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Exodus 3:14 YLT

And God saith unto Moses, 'I AM THAT WHICH I AM;' He saith also, 'Thus dost thou say to the sons of Israel, I AM hath sent me unto you.

How does the translation of the Greek Septuagint of the "I am" in Exodus 3:14 compare to the Greek "I am" of John 8:58?

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    See Exodus 3:14 and John 8:58.
    – Lucian
    May 5, 2021 at 1:02
  • also there is an extensive discussion at hermeneutics.stackexchange.com/questions/13459/…
    – Perry Webb
    May 5, 2021 at 10:17
  • 1
    If Ehyeh means "I am" without the word Anoki | Ani, then explain what יְהוָ֔ה אֶֽהְיֶה֙ לֵֽאלֹהִ֔ים means in Jeremiah 31:1 May 5, 2021 at 13:33
  • @Lucian. If John had heard Jesus claimed that he is the ‘I am’ in Hebrew and understood Jesus to be the same one who spoke the words ehyeh asher ehyeh to Moses, how should John record and tell his readers that in the Greek language? – May 5, 2021 at 15:19
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    @AlexBalilo: I haven't got the faintest; you asked a question about the (original) Greek, and I provided two links, for a quick and direct comparison.
    – Lucian
    May 5, 2021 at 18:03

4 Answers 4

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The answer to this is subtle. The words, "I am" are the same in both places, BUT, their grammatical function is different. See the appendix below for a longer discussion of this. The facts are these:

  • In Ex 3:14 (LXX) we have ἐγώ εἰμι ὁ ὤν = "I am the being" [This is NOT a good translation of the Hebrew, "I am who I am", or similar.]
  • In John 8:58 (and in other places - see below appendix), we have ἐγώ εἰμι = "I am".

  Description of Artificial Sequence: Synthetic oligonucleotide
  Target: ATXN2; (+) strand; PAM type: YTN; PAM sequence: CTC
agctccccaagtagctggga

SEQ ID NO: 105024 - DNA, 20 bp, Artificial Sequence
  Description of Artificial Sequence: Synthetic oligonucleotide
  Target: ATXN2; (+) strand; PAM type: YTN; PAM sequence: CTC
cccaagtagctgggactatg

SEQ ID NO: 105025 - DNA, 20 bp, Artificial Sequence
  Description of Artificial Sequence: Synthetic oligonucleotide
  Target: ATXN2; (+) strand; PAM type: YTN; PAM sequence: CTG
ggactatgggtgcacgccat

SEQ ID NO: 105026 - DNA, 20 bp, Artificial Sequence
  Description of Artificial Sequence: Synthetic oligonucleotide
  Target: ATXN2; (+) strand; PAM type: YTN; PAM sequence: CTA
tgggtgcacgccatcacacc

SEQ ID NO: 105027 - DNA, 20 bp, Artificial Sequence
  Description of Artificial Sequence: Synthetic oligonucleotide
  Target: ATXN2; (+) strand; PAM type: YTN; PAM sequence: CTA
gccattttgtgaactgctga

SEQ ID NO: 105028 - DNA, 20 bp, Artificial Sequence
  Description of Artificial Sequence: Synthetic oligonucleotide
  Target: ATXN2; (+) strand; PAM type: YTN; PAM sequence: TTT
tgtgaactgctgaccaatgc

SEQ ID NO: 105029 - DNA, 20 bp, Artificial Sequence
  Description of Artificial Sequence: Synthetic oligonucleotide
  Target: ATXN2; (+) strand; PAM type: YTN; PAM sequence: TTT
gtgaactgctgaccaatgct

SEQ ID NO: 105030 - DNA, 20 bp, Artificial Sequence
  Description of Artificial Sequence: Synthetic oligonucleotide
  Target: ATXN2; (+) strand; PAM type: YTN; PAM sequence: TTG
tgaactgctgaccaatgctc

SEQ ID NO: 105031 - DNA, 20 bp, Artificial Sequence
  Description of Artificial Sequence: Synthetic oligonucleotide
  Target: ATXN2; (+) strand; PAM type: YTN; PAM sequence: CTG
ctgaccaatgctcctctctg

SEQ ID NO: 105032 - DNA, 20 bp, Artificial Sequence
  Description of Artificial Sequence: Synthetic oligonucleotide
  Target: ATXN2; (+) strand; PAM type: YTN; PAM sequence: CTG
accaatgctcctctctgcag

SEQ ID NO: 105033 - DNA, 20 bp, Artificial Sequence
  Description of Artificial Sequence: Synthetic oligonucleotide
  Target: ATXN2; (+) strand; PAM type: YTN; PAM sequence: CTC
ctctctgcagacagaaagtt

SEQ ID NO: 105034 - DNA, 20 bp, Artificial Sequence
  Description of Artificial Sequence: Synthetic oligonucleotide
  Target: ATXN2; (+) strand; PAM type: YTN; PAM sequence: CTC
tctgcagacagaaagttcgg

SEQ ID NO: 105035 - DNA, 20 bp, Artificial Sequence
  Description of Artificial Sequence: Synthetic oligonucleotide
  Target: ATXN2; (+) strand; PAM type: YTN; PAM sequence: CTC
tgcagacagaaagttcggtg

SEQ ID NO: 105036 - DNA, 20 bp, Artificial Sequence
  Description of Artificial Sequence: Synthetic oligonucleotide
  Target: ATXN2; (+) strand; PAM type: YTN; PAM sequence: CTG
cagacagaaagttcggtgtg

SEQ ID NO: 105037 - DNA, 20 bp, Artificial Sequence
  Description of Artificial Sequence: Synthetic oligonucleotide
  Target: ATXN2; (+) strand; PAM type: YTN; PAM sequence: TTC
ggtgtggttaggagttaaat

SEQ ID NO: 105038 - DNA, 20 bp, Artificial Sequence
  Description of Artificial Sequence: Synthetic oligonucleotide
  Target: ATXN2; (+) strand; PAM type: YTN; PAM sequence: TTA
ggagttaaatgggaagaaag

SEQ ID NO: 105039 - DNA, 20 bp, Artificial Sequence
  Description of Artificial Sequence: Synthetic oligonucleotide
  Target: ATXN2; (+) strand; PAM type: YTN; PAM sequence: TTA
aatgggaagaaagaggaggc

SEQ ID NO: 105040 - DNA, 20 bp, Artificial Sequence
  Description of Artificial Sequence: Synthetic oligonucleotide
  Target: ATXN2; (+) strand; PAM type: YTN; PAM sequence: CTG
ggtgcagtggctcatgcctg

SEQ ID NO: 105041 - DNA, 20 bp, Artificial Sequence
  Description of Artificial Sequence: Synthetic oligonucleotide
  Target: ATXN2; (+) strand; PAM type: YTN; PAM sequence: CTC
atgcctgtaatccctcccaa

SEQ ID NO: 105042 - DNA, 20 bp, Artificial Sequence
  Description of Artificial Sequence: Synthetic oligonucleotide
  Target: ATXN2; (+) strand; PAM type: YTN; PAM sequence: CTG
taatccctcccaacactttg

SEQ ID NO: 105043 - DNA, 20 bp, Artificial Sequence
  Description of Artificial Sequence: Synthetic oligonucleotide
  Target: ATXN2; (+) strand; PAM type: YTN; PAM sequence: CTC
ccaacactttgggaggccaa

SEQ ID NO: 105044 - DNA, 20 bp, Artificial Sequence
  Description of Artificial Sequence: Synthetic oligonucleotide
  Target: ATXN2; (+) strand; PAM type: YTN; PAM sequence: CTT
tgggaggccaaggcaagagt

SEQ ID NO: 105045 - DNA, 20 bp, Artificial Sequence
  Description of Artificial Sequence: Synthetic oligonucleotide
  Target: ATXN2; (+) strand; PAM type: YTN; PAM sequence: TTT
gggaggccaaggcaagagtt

Crucially, note that in Ex 3:14 (LXX) the "I am" has a predicate ("The being" in this case). By contrast, John 8:58 is unpredicated. The OT precedent for this more significant unpredicated "I am" is/are Deut 32:39, Isa 41:4, 43:10, 13, 25, 45:19, 46:4, 48:12, 51:12, 52:6. These ALL refer exclusively to the LORD Jehovah. Further, unpredicated "I am" statements are NEVER used by anyone else in either the OT nor NT.

In the NT the only times these unpredicated "I am" statements occur is in the mouth of Jesus and associated with His divine identity.

APPENDIX - I AM

In the Old Testament, Jehovah’s self-proclaimed title of “I AM” is given special prominence in Ex 3:13-15. While we are told “I Am” was to be God’s name forever, there is no record in the Bible of it ever being used again (in Hebrew) unless we admit the grammatical connection between “I am” and the “Tetragrammaton” (which see), YHWH, commonly translated, “Jehovah”, “Yahweh”, “LORD”, or even “Eternal” in Moffatt’s version. However, the unpredicated phrase, “ego eimi” (= I am), occurs in the LXX in a number places (Deut 32:39, Isa 41:4, 43:10, 13, 25, 45:19, 46:4, 48:12, 51:12, 52:6) and always refers the One and Only Great Jehovah God Almighty.

“I am” in the Greek (NT) is, ἐγώ εἰμι “ego eimi”. The verb, “eimi” occurs 2462 times in the New Testament in various forms, but in only about 67 of these cases is the first-person nominative pronoun, “ego” used with it. Generally, the complete form, “ego eimi” only occurs when some emphasis is required.

This present continuous verb, “to be”, is the most common in almost all languages and has several syntactical functions in Greek (eg, see John 1:1 ):

  • Existence, “I am.”, ie, unpredicated (see below).